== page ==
Salusive Health, the creator of the myNurse platform which assists doctor practices to simplify disease management, has encountered a cyberattack whereby patient information was affected.
In the Salusive Health’s breach notification letters mailed to patients, it mentioned that it discovered unauthorized activity inside its computer system on March 7, 2022, and quickly enforced containment, mitigation, and restoration initiatives, and had third-party cybersecurity specialists to give assistance with those steps. The investigation established that unauthorized persons accessed the personal data and protected health information (PHI) of patients, including name, telephone number, gender, home address, email address, birth date, medical background, diagnosis and treatment data, dates of service, laboratory test findings, prescription details, medical account number, name of provider, group plan provider, health insurance policy and group plan number, and claim data.
Salusive Health stated it enforced more security steps to stop more breaches, has informed impacted persons and provided complimentary identity theft protection services, and sent a report regarding the cyberattack to the FBI. The incident is not yet published on the HHS’ Office for Civil Rights’ breach site, therefore it is uncertain at this period how many people were affected.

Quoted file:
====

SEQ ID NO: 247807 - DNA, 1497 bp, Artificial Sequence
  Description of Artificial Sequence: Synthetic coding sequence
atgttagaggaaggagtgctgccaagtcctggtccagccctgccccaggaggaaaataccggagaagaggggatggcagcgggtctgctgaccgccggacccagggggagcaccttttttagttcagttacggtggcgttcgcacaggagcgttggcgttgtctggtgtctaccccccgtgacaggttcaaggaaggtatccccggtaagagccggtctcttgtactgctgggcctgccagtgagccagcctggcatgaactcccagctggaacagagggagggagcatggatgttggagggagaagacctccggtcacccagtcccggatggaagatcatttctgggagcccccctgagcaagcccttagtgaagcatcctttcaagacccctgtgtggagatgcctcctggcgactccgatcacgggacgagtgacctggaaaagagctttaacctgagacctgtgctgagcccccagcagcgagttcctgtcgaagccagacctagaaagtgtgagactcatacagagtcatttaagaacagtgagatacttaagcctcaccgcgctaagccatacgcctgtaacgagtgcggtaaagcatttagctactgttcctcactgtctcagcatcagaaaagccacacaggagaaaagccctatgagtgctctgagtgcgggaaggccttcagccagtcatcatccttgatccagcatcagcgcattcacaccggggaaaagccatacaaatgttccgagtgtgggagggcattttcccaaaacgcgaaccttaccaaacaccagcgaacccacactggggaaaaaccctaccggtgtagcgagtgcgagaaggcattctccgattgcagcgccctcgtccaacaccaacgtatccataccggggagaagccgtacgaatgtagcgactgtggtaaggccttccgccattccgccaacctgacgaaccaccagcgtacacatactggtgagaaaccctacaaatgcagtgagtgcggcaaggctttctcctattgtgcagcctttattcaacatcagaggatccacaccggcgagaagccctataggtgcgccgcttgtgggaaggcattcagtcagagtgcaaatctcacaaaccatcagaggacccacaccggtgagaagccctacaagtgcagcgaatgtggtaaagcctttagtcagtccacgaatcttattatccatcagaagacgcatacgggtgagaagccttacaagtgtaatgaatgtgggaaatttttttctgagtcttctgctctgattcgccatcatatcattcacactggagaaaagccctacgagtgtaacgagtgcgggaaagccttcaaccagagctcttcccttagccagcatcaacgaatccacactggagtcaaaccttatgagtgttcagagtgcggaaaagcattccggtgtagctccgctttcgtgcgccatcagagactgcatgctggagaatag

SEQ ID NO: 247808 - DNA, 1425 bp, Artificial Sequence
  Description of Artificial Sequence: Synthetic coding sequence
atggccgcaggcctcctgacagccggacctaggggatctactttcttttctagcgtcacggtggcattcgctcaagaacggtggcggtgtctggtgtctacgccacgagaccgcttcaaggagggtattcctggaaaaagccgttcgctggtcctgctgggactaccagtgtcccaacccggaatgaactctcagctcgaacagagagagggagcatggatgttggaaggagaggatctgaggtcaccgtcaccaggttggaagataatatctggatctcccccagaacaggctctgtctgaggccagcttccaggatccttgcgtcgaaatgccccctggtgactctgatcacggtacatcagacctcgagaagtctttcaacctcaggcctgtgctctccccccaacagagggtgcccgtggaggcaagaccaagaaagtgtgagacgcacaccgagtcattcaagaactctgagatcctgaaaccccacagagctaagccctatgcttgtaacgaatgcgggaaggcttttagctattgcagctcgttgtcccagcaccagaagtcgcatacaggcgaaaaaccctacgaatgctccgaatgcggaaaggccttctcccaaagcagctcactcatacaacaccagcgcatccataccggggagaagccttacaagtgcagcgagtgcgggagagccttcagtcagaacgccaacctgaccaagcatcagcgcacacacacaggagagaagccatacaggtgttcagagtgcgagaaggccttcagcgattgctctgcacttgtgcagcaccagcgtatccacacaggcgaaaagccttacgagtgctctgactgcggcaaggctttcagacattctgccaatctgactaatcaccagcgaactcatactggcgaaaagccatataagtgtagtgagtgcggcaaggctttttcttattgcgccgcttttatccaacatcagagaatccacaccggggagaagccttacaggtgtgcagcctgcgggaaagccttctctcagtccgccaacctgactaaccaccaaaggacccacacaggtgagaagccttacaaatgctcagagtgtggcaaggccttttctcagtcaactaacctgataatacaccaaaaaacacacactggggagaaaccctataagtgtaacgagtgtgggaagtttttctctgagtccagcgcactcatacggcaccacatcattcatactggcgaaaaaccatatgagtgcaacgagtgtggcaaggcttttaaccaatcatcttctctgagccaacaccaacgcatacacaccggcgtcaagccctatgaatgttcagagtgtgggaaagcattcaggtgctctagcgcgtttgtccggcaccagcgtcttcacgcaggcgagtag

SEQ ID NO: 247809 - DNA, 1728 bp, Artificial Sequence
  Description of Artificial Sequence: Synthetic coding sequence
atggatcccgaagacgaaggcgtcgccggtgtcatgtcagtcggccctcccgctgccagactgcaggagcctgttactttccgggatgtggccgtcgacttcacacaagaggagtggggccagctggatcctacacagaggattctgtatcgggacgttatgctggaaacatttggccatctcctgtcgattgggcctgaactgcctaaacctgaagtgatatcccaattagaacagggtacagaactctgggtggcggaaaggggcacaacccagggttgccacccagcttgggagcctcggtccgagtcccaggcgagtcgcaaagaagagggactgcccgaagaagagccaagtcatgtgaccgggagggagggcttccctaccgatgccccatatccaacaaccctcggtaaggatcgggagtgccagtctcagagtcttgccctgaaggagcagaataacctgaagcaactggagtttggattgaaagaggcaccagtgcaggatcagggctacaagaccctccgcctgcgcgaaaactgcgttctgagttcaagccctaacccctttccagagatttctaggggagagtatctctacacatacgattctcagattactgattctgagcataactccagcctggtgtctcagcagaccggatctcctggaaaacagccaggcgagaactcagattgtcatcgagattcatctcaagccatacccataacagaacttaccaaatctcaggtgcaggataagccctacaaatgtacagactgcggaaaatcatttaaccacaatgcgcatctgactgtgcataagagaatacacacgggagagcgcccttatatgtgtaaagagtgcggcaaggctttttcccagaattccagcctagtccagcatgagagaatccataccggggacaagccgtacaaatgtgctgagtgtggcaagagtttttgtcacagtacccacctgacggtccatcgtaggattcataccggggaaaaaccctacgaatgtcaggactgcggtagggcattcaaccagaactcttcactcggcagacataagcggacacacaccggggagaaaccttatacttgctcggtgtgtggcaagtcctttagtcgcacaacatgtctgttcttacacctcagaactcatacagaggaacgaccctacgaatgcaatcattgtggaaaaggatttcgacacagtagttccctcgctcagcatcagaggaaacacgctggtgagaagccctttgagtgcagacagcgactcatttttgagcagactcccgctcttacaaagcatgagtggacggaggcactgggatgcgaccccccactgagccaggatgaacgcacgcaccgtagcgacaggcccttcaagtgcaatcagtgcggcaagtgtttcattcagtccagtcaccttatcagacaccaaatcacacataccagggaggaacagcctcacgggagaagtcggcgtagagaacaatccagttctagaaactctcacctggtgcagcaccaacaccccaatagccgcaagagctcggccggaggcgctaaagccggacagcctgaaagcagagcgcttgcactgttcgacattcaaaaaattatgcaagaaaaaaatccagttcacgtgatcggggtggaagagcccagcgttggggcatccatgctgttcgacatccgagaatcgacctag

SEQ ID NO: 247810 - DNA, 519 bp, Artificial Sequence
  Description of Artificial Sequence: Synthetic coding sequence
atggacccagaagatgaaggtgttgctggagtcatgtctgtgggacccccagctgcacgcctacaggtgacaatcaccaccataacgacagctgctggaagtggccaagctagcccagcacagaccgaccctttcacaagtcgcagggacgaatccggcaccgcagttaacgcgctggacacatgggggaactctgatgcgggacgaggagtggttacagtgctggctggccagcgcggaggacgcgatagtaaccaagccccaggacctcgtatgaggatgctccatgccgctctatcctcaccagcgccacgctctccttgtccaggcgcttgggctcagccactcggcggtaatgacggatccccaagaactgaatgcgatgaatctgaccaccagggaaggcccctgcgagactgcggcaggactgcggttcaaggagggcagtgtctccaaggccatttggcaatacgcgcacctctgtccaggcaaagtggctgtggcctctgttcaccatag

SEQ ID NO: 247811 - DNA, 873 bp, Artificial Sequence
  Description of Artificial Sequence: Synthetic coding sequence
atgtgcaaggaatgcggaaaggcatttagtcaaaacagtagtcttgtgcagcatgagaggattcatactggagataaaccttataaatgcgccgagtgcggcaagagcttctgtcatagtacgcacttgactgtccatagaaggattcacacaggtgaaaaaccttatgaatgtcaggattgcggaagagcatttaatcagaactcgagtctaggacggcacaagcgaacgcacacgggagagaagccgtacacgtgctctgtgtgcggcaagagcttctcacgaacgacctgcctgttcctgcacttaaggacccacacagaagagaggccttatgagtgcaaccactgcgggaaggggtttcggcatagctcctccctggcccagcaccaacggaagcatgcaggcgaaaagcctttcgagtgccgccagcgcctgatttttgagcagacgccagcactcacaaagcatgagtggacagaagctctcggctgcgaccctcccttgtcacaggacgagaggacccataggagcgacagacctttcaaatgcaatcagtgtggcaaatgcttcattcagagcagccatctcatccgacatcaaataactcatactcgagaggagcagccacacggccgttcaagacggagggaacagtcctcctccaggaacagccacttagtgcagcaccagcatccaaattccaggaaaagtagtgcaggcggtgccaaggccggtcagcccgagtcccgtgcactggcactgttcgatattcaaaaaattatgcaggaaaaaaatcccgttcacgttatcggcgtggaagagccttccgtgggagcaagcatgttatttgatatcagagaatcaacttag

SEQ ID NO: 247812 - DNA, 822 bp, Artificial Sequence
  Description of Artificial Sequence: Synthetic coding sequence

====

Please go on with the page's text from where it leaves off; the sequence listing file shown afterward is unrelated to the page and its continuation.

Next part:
Salusive Health additionally revealed in the breach notification letters that the hard decision was considered to stop clinical operations on May 31, 2022, which will permit patients to pass their chronic care management and remote tracking services back to their primary care doctors. Salusive Health mentioned the choice to end operations is not related to the data security incident.
24,000 Patients Impacted by New Creation Counseling Center Ransomware Attack
New Creation Counseling Center (NCCC) located in Tipp City, OH, has lately begun informing 24,029 patients that some of their PHI were possibly exposed in a recent cyberattack.
NCCC detected a compromise of its IT networks on February 13, 2022 because its users are unable to access files on the network. The center promptly had taken steps to stop more unauthorized access and began an investigation to find out the nature and magnitude of the breach. NCCC affirmed the use of ransomware to encrypt data files and helped third-party cybersecurity specialists with the response and recovery.
NCCC stated that it continued to give health care to patients all the way through and that the ransomware has been removed from its programs. Although the investigation didn’t uncover any proof of information theft, it wasn’t possible to ignore it. An assessment of files on the impacted systems affirmed they included names, telephone numbers, addresses, email addresses, dates of birth, Social Security numbers, medical insurance details, intake forms, clinical releases, and treatment information.
Breach notifications had been mailed to impacted people starting on April 12, 2022, and 12 months of credit monitoring services were provided to patients without cost.